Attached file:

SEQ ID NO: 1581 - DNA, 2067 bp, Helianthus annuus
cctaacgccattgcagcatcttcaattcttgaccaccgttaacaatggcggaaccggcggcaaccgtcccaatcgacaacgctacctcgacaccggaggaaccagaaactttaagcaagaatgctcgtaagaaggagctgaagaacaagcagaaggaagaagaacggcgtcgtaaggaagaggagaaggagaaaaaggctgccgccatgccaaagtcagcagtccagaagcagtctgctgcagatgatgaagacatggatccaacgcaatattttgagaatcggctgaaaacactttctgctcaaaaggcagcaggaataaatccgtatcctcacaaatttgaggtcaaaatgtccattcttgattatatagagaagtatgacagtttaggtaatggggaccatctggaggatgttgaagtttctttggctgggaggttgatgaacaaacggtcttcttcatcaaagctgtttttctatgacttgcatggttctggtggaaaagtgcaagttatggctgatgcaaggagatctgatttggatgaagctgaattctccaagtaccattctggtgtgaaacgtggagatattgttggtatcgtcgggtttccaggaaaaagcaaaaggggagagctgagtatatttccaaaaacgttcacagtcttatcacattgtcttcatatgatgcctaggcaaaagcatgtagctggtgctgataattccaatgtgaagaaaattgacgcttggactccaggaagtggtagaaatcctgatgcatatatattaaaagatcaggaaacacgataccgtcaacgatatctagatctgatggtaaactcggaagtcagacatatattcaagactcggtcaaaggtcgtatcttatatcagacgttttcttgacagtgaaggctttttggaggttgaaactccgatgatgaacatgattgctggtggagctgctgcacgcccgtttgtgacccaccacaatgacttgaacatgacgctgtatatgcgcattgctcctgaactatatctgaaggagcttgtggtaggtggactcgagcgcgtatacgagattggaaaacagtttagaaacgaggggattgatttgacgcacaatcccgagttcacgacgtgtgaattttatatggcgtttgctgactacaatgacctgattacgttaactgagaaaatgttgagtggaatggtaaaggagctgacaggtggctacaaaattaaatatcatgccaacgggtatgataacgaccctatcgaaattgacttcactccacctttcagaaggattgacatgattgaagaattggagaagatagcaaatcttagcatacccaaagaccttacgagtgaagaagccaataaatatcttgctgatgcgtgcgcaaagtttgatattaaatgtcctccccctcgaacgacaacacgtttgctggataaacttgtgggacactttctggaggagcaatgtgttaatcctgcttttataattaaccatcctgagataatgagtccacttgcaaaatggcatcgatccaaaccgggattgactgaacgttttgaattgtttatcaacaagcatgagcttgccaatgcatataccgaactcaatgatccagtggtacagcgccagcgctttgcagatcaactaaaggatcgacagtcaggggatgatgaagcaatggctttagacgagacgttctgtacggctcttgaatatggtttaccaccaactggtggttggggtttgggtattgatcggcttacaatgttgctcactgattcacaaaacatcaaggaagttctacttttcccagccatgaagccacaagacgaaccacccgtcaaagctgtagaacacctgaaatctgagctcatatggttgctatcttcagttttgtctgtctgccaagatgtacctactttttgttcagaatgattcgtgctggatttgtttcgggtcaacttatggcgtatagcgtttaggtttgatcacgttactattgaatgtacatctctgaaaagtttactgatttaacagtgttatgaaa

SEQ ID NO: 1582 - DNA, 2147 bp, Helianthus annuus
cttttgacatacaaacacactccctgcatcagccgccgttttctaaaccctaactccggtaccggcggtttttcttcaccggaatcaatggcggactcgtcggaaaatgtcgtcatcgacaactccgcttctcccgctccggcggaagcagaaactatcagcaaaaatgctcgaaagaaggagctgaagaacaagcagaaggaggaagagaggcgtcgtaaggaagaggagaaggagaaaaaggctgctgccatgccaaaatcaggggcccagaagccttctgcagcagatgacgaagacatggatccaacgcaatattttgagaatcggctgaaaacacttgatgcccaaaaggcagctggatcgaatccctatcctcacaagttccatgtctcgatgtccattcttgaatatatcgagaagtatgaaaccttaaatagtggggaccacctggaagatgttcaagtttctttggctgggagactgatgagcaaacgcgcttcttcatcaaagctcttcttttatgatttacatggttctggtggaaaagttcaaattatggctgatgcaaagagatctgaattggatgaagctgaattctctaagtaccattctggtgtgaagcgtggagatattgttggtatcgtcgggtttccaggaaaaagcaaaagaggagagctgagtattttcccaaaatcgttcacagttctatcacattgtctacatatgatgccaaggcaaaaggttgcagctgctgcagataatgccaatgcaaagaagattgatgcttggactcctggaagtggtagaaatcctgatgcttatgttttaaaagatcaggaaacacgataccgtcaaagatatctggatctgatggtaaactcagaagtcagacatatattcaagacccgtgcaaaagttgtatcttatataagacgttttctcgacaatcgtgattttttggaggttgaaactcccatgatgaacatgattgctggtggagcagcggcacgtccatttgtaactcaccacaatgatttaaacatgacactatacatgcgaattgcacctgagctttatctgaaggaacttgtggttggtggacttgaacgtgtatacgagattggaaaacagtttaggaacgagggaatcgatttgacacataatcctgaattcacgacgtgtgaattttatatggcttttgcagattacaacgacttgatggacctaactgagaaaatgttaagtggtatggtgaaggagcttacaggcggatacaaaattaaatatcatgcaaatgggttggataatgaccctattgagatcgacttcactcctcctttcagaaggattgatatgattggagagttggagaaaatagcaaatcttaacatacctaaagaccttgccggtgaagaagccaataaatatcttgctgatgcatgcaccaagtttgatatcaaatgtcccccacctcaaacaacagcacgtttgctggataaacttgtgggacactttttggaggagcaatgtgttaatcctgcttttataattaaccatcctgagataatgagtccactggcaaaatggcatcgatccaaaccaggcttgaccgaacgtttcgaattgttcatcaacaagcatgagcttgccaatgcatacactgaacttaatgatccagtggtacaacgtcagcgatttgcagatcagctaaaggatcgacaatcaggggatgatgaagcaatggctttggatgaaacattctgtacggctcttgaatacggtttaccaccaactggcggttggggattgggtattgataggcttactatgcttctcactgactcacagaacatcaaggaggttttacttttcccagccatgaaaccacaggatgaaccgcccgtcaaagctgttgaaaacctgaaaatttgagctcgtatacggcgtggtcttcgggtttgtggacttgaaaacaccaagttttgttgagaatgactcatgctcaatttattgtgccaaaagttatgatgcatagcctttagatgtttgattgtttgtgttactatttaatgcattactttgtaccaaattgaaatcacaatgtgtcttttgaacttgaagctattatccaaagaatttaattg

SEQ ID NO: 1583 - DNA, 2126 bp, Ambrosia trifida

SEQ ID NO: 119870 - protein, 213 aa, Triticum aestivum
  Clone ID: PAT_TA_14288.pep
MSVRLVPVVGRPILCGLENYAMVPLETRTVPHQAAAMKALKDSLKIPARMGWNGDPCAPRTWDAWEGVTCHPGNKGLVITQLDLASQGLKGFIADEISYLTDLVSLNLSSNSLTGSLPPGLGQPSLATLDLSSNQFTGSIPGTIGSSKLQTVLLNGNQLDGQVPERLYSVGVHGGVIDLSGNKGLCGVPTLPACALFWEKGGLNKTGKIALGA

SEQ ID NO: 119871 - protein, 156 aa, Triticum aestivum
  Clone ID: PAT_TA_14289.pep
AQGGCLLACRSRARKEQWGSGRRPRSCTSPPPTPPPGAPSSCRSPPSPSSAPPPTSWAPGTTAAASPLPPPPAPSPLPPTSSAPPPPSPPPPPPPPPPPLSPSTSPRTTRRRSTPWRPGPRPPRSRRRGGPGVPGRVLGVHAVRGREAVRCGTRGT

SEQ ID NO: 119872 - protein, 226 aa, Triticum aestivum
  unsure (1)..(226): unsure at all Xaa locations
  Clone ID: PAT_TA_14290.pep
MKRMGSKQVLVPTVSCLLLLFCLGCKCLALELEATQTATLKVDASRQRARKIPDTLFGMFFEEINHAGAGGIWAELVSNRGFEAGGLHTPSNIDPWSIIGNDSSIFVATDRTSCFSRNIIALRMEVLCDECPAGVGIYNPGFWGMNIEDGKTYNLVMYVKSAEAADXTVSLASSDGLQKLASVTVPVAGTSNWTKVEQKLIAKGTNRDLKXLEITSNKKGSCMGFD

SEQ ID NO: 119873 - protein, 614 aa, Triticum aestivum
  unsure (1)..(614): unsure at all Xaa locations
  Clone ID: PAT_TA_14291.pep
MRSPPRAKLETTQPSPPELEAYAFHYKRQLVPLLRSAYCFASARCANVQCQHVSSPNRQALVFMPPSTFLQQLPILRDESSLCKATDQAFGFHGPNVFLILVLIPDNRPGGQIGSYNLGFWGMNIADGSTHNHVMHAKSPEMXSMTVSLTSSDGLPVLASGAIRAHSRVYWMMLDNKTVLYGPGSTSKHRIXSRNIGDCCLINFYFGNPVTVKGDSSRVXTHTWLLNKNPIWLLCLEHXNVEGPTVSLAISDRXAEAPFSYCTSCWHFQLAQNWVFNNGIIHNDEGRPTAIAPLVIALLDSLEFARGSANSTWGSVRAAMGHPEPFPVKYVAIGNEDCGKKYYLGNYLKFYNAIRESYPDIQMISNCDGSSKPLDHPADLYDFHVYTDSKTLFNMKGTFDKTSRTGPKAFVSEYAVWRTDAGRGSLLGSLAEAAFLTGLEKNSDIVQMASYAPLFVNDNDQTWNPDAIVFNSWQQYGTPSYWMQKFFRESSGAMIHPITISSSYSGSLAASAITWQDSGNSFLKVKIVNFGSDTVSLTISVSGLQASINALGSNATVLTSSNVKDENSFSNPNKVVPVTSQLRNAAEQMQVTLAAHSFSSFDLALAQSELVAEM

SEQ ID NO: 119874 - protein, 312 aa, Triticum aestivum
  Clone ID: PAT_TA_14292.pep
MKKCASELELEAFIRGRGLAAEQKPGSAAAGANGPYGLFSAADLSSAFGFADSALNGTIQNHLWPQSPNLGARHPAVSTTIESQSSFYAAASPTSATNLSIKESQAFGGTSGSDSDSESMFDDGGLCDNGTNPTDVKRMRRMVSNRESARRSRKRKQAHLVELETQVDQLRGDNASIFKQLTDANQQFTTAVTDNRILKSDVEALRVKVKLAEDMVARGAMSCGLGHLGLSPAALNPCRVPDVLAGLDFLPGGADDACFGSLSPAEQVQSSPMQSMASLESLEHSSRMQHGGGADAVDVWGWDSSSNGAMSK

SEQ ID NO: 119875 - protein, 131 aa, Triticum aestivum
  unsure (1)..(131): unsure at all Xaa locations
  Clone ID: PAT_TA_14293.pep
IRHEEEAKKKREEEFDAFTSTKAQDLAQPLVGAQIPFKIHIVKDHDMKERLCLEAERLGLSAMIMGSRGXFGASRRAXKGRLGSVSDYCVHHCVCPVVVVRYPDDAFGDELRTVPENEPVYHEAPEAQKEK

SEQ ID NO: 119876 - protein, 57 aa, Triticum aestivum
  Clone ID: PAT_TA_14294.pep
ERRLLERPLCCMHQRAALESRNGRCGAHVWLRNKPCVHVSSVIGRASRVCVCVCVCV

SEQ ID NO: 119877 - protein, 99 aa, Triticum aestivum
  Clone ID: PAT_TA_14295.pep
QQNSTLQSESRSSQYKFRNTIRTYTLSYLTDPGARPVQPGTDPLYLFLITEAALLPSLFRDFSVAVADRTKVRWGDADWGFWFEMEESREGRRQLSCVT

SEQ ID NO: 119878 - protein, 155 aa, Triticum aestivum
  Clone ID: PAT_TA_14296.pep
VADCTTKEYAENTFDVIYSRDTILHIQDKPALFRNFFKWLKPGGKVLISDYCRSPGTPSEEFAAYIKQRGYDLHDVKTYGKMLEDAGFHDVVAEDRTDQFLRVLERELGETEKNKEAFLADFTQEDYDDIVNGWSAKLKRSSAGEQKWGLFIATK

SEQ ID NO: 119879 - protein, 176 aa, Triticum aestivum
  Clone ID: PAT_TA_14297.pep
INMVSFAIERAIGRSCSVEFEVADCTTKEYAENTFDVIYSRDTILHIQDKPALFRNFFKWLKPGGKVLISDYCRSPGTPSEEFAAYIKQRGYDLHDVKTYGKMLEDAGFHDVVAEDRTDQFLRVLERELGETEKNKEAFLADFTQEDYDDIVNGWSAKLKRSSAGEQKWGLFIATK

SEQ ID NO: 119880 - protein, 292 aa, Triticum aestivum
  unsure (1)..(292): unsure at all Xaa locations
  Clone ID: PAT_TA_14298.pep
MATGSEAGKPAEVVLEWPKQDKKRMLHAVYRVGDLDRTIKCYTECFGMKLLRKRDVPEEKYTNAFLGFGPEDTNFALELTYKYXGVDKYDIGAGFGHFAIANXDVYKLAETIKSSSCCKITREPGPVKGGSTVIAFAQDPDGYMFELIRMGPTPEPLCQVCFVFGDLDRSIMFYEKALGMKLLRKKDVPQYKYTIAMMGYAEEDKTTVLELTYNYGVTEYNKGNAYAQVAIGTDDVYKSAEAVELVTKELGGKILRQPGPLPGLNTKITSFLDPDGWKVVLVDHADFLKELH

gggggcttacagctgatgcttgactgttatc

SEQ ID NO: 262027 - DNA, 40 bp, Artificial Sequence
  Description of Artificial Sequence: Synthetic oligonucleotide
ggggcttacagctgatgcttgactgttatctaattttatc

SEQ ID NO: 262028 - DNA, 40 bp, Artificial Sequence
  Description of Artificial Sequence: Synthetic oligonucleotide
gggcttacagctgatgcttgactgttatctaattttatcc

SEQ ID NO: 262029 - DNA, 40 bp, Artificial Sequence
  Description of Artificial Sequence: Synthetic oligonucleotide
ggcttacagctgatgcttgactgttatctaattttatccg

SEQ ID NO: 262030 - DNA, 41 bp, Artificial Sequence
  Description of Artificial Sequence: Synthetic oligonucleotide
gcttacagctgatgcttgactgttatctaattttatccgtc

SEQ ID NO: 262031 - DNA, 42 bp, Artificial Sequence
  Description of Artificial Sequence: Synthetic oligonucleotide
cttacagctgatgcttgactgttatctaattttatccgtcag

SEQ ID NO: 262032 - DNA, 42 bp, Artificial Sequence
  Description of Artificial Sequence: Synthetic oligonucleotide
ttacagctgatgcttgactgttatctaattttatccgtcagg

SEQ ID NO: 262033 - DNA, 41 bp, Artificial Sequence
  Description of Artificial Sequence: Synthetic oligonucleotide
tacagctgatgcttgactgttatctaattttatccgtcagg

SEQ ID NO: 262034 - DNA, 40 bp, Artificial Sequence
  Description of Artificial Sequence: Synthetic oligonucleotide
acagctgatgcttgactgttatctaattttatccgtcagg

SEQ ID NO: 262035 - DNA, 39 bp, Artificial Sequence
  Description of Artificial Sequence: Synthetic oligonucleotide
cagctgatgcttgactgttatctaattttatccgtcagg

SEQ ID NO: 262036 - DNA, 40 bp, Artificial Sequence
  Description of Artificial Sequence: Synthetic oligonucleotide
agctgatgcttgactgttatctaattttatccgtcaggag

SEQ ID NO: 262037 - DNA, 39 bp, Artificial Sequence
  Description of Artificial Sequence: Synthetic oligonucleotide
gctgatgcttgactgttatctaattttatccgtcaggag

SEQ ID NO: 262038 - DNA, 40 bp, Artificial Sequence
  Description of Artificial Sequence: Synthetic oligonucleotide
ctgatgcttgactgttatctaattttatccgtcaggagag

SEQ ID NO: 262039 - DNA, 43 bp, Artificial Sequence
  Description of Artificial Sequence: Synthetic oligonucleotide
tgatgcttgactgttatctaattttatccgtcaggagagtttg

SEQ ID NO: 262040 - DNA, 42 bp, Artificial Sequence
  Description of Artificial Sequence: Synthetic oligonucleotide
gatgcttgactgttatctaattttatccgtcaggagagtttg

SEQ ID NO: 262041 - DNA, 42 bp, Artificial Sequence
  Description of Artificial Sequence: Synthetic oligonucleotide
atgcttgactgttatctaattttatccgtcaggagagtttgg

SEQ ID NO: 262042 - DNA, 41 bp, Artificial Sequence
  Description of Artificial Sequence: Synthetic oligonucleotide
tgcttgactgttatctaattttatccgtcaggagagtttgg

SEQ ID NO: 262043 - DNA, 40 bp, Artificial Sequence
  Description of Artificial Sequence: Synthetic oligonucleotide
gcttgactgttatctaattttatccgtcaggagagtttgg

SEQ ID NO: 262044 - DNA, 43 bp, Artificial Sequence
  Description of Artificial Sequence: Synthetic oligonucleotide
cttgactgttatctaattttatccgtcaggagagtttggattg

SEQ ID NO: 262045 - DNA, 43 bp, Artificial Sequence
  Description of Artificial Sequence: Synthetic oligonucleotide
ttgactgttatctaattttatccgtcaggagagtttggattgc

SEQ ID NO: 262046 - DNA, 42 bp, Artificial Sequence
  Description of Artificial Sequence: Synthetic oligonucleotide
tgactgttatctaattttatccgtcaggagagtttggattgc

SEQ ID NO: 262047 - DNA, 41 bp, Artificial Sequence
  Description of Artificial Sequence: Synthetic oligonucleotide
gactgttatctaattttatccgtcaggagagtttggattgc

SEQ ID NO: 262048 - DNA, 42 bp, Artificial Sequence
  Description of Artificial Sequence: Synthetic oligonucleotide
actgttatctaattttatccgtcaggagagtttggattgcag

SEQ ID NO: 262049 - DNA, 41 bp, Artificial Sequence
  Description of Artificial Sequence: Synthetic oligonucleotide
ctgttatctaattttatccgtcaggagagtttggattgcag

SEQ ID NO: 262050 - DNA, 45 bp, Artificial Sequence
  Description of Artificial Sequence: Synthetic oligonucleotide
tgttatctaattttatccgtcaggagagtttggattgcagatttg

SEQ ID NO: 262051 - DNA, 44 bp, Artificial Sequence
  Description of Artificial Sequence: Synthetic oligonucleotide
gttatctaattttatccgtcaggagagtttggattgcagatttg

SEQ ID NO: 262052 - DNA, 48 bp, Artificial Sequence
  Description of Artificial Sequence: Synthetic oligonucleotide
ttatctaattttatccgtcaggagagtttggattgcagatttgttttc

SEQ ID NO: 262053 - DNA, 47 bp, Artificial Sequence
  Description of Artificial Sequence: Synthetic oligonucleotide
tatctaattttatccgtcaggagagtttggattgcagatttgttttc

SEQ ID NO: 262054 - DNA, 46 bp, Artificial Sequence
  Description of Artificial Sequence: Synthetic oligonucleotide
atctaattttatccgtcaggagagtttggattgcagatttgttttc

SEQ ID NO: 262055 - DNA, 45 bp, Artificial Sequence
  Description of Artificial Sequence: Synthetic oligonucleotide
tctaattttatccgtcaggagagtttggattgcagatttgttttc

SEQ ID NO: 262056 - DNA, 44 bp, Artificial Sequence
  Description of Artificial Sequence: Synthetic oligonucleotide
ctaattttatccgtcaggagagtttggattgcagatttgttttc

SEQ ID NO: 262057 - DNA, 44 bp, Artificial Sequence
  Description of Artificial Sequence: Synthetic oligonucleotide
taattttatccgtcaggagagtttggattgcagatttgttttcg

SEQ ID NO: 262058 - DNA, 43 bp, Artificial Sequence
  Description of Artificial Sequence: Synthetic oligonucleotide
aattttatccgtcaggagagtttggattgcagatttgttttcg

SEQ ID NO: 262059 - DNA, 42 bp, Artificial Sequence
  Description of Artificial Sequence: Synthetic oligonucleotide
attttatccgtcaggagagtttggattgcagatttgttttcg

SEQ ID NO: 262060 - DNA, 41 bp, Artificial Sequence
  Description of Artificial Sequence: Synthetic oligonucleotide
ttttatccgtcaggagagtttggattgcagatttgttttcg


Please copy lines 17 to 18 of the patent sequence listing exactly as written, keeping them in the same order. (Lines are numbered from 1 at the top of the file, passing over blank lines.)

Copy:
  unsure (1)..(614): unsure at all Xaa locations
  Clone ID: PAT_TA_14291.pep